Of the twelve tracks on Come Down pretty much all of them are top shelf. Opener Untrue is a slowly reverberating wave of numbed-out pop that sets a scene that could go anywhere. Hollow Hope kicks in with an upbeat rocking groove and a chorus as catchy as a ball skied deep into the outfield. Uneven is the album's masterpiece though. Amongst backwards guitars and tastefully lush backing vocals, Angell's delivery is a song within a song. Closer, The Big One is equally beautiful and restrained. Like the album as a whole, nothing is overplayed and there's enough air left to breathe throughout.

It may only be March but Come Down is hands down the album of the year so far and Uneven can wear the crown (or tiara) of best track. If there's any sense or justice in the music world, Tara Angell and Come Down will be received like saviours by all those who care about music.
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2 of 2 people found the following review helpful By Sharyn rodas on March 11, 2005
Format: Audio CD
tara angell is the best new artist i've heard this year. her voice is remarkable, her songs are haunting; dark and lovely at the same time. remember her name, we are going to hear it again and again.
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1 of 1 people found the following review helpful By Bezweifeln on September 23, 2006
Format: Audio CD Verified Purchase
Tara takes me back to Melanie with much less whimsy. Beautiful lyric and music make for an entire CD that is just beautiful. This is the one CD I've purchased recently that I didn't tire of in short order. As far as whatever verbage I could put down here that would have you appreciate this unique sound I am drawing a blank - so maybe this is not too helpful. I had to say how important this CD was for me and I hope others feel the same.
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1 of 2 people found the following review helpful By Sanpete on May 10, 2008
Format: Audio CD
You know an album is down low when the upbeat number is "Bitc* Please," a song with the sunny disposition of a Velvet Underground ballad, only more laid back. But really, it is a fun song in its way, with a convivial conversation in the background, as though at a party, opening with a guitar that seems to be paraphrasing, in a subtle, quiet way, The Rolling Stones' "Under My Thumb," and sporting a taunting lyric with pretty, Stones-ish harmonies. Like all the songs, the lyric is pared to a few words, the melody to a few notes. Like most of the songs, it's impossible to tell just what it's about, but it effectively conveys some basic feelings and ideas.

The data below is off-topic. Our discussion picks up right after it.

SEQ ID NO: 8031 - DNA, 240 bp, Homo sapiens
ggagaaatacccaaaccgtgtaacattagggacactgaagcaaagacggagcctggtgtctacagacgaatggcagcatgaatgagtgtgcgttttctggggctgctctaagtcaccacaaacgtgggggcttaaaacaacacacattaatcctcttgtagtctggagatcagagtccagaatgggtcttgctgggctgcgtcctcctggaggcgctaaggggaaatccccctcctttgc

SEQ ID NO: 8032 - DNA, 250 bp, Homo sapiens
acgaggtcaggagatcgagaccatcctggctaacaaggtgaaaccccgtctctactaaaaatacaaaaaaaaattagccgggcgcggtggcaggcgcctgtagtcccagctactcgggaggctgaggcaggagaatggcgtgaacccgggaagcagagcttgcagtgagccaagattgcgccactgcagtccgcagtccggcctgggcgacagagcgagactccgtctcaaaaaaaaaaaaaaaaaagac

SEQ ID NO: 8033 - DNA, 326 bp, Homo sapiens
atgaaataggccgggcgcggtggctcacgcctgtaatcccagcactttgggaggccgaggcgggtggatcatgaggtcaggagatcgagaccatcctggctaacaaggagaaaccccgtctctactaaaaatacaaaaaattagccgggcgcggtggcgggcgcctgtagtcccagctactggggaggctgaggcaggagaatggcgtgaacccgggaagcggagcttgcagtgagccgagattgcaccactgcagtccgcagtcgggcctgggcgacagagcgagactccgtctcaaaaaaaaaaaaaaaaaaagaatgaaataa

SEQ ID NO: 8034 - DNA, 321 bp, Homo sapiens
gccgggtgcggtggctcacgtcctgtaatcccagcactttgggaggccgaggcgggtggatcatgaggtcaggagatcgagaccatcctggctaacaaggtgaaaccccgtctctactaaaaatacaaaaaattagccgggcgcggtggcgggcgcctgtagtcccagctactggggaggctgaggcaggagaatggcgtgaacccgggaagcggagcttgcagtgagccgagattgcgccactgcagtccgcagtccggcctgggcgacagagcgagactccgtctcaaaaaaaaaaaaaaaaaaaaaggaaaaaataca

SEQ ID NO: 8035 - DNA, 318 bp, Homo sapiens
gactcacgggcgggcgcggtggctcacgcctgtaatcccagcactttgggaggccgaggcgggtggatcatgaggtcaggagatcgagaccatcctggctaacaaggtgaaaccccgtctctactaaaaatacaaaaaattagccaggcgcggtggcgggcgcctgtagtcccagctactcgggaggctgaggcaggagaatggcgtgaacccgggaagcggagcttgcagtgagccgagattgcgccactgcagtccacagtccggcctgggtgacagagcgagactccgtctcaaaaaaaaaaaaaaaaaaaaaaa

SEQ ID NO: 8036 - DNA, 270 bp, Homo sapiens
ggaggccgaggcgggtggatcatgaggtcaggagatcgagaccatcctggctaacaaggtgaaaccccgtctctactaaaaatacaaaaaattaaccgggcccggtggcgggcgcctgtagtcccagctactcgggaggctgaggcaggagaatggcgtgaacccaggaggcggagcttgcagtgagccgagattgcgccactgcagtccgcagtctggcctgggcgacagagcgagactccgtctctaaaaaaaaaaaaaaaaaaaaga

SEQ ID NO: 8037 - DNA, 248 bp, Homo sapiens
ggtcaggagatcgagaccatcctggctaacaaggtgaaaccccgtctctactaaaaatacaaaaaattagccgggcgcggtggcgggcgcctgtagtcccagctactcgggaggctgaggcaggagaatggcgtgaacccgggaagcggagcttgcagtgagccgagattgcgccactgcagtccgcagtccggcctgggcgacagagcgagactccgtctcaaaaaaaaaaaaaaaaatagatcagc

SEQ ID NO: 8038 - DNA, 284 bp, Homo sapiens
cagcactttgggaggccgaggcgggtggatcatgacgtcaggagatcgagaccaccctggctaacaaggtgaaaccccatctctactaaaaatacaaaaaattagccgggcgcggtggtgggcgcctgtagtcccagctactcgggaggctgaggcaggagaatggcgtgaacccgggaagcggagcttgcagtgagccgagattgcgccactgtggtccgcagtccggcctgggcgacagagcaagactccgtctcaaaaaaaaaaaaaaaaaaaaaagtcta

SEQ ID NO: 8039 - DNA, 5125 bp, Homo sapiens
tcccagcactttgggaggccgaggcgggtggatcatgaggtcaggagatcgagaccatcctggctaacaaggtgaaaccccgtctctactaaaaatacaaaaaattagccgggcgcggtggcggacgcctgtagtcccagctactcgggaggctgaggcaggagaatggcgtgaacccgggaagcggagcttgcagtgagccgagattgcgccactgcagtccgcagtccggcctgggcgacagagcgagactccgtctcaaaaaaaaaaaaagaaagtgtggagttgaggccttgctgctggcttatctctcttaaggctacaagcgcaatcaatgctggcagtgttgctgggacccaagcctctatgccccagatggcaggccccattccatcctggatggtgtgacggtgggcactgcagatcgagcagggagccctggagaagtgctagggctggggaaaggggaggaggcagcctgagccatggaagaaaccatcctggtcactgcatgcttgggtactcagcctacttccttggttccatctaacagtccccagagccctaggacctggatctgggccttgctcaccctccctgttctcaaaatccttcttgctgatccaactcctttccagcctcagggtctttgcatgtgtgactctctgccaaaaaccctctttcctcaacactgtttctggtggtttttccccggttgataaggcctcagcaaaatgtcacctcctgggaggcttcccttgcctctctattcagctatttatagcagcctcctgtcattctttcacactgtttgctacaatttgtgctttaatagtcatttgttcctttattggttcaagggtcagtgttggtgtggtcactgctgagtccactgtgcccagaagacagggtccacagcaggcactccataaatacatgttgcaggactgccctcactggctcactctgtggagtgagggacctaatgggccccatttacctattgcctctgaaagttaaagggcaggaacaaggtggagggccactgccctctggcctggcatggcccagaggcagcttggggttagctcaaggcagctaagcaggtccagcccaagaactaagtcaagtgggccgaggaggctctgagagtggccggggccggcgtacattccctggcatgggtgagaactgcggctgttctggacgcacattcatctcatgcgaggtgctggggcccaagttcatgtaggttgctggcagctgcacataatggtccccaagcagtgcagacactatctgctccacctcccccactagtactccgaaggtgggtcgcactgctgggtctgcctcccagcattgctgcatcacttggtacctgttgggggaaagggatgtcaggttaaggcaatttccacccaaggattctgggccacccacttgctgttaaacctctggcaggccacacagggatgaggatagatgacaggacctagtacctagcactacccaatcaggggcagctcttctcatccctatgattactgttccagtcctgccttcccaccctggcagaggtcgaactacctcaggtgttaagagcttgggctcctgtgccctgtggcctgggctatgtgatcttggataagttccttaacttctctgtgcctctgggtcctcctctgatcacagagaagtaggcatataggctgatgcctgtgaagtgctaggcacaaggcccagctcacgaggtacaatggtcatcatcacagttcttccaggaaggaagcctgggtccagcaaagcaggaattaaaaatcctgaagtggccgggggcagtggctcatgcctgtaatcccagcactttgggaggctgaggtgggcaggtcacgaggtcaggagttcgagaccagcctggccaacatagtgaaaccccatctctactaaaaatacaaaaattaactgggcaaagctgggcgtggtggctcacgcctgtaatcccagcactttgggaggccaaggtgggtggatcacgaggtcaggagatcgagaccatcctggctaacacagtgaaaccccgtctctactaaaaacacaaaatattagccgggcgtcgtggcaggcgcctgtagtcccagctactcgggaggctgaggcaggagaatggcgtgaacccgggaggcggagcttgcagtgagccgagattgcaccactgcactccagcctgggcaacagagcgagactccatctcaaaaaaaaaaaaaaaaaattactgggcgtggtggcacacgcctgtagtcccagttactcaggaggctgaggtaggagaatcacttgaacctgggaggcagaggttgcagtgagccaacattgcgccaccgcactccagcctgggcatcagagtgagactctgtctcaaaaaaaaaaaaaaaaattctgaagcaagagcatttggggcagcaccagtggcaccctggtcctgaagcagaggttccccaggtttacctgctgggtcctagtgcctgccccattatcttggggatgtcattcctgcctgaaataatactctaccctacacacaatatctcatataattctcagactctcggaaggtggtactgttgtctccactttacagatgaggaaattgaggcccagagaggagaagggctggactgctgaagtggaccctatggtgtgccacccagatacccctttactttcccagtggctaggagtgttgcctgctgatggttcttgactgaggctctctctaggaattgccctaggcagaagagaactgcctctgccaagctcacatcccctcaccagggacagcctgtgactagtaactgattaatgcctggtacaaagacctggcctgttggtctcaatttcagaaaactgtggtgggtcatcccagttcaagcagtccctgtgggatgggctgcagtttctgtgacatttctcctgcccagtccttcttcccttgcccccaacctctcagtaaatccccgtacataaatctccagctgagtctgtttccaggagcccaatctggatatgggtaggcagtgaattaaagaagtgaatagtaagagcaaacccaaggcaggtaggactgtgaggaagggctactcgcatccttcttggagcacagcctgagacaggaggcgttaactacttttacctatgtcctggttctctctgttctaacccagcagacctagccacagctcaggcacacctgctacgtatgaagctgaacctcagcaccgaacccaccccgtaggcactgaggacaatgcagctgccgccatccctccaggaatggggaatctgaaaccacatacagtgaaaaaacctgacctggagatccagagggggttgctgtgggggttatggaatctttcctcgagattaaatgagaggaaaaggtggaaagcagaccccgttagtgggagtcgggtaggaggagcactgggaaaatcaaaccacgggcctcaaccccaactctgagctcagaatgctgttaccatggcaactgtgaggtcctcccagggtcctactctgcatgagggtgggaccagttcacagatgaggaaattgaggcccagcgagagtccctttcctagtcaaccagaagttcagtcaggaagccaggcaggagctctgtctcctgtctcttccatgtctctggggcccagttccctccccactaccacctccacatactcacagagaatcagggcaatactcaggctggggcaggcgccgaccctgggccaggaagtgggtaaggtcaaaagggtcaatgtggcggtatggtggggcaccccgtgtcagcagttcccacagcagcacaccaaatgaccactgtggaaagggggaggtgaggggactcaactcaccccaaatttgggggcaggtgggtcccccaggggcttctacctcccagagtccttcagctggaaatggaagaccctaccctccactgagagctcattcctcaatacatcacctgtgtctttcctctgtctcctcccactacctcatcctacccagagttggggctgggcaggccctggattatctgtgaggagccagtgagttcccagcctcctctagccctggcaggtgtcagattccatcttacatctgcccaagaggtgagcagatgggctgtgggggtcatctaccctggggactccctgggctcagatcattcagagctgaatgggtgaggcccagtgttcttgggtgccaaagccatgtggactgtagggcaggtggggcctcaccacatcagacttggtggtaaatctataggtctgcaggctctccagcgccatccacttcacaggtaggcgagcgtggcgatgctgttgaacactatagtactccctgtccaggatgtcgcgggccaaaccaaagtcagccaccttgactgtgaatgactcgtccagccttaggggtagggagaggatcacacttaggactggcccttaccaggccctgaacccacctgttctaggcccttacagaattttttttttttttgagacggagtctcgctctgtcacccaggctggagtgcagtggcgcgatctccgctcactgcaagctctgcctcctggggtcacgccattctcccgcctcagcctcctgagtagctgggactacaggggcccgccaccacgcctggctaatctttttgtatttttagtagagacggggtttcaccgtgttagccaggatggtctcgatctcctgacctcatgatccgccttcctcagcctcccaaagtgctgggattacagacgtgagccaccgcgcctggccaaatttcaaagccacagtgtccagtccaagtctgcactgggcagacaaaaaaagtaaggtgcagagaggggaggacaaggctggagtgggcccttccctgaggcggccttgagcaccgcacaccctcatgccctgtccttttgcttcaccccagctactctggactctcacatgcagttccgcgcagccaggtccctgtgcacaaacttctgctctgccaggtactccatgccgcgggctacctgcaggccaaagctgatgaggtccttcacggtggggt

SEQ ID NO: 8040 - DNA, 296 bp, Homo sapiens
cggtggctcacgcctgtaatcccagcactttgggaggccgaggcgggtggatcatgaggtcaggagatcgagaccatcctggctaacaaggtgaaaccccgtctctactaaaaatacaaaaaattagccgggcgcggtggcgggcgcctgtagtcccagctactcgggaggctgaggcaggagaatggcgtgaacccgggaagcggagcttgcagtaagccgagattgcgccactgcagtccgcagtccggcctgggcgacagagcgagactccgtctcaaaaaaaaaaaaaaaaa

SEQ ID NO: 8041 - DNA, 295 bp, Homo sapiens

Angell has said the title of the album came from a remark producer Joseph Arthur made, that it would be good music to come down with. He was undoubtedly thinking of pharmaceuticals, but it's an apt name in the broader sense that the music has a strong undertow that pulls you down and makes it feel very good.

It's hard to avoid calling the album dark, but it isn't grim in quite the way some of its apparent influences have been. It's more down than caustic and bitter. Angell lived in a depressed New York neighborhood with junkies and suffered from depression herself, but she's managed to keep enough perspective and power to avoid the worst. "You left me strong, Big enough to pick up the world," she sings ("Don't Blame Me"). I'm sure she's felt lost, and probably still does in some ways, but she's determined, enough. The songs may be considered confessional but, despite what some reviewers have said, not quite in the seemingly naked way those of some others have been. She's keeping plenty to herself. And, she says, she does use her imagination.
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2 of 12 people found the following review helpful By Jeffrey R. Nayda on September 19, 2005
Format: Audio CD
Very disappointing in all respects. Usually a Lucinda Williams recommendation is right on, but not the case here. Angell rips off Faithful with no sense for a melody. Repeated listening solidfied my assessment.